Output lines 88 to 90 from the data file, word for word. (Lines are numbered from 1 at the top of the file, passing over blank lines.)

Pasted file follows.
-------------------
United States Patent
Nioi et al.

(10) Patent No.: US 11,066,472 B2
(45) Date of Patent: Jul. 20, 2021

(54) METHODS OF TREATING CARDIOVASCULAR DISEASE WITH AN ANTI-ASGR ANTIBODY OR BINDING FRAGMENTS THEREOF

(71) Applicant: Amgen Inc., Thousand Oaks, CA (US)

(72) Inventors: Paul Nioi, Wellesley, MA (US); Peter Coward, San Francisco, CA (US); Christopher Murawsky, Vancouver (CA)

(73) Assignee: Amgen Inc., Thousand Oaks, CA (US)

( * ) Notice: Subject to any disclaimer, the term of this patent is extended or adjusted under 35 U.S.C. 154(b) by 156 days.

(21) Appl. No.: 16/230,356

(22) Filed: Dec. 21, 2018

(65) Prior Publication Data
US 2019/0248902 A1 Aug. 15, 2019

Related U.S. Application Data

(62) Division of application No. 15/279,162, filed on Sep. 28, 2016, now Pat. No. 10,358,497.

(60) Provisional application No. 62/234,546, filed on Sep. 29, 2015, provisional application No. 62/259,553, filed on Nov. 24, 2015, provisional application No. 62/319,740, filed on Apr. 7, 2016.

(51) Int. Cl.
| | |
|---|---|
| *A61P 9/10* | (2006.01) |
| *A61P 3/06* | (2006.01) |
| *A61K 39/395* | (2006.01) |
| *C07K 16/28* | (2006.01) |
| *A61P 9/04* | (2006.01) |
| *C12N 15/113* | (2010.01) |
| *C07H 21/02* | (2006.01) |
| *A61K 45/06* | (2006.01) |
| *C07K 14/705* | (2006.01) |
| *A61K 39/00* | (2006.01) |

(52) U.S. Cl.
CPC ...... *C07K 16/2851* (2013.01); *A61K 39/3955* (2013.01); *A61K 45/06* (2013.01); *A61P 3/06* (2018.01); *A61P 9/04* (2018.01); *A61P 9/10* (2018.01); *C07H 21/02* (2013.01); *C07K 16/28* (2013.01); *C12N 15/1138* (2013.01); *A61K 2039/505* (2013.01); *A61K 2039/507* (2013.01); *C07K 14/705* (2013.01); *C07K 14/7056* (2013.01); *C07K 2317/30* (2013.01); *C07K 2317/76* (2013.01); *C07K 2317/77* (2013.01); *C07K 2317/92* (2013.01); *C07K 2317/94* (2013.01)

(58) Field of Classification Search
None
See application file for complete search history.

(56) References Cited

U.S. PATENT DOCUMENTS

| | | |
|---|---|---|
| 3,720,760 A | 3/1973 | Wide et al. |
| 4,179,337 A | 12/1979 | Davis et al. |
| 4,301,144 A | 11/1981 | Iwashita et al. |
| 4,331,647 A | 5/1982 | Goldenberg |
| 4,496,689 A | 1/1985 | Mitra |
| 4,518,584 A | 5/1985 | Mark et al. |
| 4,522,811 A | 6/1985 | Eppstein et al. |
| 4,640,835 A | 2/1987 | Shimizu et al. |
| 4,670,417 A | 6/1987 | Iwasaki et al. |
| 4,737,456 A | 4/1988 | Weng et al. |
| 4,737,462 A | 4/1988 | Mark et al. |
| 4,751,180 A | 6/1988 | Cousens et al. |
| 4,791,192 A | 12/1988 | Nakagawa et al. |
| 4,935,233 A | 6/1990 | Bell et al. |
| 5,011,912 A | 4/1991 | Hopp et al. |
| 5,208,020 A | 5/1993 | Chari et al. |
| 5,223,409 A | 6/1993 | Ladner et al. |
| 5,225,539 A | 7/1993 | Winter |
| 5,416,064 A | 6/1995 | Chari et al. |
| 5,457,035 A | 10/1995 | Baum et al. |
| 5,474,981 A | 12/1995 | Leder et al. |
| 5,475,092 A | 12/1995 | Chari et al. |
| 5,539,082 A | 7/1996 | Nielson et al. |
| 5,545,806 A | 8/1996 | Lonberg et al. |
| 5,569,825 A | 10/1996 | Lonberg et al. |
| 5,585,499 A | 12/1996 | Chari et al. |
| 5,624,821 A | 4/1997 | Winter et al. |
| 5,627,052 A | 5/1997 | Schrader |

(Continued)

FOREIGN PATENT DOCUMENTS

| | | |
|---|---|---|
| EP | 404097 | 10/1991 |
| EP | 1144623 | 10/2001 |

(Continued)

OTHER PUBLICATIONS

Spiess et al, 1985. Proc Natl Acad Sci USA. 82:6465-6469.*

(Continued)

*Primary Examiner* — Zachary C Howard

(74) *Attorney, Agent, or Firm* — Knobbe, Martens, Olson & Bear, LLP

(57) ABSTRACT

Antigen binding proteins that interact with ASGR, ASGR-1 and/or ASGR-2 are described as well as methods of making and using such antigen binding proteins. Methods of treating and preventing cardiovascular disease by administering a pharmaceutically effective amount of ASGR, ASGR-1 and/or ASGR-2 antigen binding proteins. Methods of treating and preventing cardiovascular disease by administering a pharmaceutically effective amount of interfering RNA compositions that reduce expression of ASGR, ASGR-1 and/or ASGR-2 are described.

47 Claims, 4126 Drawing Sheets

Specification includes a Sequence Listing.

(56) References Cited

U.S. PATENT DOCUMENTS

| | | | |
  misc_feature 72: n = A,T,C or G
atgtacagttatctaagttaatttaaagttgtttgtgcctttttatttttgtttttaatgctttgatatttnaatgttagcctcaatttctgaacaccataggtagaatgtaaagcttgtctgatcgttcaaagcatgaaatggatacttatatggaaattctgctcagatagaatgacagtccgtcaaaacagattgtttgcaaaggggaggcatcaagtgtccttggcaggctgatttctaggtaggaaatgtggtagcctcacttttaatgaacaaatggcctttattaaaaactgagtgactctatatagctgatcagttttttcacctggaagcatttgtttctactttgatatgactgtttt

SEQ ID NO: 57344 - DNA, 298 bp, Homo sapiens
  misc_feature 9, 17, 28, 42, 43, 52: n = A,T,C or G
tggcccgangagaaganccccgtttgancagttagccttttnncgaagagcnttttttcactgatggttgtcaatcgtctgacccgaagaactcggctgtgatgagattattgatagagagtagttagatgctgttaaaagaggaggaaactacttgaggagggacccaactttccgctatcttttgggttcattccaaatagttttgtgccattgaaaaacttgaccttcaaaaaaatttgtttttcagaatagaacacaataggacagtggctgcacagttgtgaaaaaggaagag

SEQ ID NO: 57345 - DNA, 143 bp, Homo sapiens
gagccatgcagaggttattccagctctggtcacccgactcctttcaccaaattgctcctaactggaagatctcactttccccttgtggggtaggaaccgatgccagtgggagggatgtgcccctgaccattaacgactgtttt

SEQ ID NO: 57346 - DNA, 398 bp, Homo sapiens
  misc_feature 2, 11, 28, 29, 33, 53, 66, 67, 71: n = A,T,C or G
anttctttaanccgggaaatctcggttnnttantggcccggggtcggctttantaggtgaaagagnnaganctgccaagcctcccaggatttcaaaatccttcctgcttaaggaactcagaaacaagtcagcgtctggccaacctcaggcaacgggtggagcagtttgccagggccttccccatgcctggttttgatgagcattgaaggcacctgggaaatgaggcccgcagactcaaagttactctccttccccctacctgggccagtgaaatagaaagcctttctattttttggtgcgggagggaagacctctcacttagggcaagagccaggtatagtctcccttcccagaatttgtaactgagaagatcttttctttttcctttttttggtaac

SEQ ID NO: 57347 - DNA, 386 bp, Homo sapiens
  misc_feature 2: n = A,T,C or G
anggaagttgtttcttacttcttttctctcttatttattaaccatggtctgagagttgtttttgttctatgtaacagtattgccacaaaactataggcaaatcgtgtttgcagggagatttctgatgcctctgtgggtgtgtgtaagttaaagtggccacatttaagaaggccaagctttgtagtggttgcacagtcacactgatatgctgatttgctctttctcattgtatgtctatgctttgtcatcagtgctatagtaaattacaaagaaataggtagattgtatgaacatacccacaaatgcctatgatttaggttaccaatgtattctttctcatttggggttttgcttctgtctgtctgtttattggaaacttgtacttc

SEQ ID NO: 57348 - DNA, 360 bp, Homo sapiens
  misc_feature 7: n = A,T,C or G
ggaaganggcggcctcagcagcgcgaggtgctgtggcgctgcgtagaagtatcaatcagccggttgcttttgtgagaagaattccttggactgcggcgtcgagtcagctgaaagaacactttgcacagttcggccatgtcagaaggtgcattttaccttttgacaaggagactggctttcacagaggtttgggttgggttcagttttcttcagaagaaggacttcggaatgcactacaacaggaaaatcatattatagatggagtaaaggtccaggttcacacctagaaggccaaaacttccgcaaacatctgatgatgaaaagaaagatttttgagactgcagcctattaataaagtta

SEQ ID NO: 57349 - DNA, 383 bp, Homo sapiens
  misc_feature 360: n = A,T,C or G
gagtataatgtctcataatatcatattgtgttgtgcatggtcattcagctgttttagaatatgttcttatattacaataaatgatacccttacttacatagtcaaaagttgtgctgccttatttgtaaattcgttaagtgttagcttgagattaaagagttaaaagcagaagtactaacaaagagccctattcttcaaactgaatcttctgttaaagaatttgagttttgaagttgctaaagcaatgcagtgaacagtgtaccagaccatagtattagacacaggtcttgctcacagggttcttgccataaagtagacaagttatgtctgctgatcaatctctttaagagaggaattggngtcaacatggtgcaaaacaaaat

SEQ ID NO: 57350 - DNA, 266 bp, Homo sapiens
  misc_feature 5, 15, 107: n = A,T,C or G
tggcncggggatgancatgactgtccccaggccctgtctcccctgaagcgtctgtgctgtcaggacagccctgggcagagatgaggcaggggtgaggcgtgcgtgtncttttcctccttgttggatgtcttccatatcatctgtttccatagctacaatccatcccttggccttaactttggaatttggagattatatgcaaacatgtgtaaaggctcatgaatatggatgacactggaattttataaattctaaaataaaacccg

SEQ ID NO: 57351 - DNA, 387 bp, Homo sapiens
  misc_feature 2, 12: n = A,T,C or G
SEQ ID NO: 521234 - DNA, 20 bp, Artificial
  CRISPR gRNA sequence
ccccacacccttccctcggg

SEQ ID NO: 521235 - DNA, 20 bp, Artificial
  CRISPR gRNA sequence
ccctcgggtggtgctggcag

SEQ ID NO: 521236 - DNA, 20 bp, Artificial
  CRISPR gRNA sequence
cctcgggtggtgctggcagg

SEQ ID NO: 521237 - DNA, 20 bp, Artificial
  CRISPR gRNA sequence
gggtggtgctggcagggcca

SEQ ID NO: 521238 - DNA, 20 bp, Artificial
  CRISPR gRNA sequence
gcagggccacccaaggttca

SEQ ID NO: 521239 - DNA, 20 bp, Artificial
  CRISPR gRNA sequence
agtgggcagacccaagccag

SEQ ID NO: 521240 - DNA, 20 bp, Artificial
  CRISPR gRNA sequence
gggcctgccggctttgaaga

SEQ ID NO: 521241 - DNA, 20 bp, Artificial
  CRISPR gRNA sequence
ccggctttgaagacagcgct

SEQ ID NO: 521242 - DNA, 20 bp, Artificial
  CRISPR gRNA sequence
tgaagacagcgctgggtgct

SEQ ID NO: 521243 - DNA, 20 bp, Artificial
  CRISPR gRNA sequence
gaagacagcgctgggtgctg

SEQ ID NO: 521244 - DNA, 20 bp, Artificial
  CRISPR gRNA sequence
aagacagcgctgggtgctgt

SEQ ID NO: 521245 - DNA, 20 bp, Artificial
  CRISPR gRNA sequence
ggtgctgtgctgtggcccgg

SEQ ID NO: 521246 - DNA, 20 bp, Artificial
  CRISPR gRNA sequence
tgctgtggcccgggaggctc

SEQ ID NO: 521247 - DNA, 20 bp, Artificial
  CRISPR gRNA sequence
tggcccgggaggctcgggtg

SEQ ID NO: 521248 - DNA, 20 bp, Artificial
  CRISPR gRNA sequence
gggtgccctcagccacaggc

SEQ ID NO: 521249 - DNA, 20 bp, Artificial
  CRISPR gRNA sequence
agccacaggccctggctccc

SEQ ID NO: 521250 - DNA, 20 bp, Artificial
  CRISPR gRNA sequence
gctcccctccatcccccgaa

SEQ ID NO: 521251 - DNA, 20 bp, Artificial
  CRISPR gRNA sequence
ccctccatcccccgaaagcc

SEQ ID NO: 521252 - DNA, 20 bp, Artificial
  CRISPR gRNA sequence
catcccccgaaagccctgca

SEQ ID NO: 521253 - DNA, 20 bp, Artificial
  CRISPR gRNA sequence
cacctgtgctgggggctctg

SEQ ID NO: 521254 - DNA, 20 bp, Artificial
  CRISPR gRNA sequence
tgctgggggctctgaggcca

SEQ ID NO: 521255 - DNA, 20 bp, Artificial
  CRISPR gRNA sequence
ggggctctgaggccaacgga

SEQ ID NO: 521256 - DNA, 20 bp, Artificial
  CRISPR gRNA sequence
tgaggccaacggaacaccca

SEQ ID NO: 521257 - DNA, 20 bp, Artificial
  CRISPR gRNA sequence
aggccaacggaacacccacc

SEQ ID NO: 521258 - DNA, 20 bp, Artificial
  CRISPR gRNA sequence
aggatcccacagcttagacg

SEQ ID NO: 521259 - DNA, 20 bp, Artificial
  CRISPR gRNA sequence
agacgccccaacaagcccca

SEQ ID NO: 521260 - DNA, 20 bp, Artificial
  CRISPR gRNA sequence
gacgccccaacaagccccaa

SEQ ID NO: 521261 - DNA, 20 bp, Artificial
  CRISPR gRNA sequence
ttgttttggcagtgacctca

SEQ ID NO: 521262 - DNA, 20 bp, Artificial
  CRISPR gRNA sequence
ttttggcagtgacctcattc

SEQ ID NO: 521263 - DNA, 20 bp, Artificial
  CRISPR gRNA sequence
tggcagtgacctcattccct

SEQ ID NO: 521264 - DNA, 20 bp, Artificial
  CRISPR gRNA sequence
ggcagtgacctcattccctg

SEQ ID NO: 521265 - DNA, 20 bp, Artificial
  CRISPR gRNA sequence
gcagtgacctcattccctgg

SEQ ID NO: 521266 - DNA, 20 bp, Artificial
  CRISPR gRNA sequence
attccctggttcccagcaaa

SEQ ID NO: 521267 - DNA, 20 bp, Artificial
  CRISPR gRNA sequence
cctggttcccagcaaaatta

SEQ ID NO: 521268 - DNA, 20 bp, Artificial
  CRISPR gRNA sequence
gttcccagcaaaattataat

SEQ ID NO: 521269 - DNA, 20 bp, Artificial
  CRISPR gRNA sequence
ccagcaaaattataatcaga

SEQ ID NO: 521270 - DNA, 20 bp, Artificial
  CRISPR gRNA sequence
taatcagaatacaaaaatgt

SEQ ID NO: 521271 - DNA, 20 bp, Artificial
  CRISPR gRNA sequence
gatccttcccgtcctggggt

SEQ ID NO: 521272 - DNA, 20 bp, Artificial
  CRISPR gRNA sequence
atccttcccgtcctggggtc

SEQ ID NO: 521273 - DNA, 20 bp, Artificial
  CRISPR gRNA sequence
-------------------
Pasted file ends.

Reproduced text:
SEQ ID NO: 57344 - DNA, 298 bp, Homo sapiens
  misc_feature 9, 17, 28, 42, 43, 52: n = A,T,C or G
tggcccgangagaaganccccgtttgancagttagccttttnncgaagagcnttttttcactgatggttgtcaatcgtctgacccgaagaactcggctgtgatgagattattgatagagagtagttagatgctgttaaaagaggaggaaactacttgaggagggacccaactttccgctatcttttgggttcattccaaatagttttgtgccattgaaaaacttgaccttcaaaaaaatttgtttttcagaatagaacacaataggacagtggctgcacagttgtgaaaaaggaagag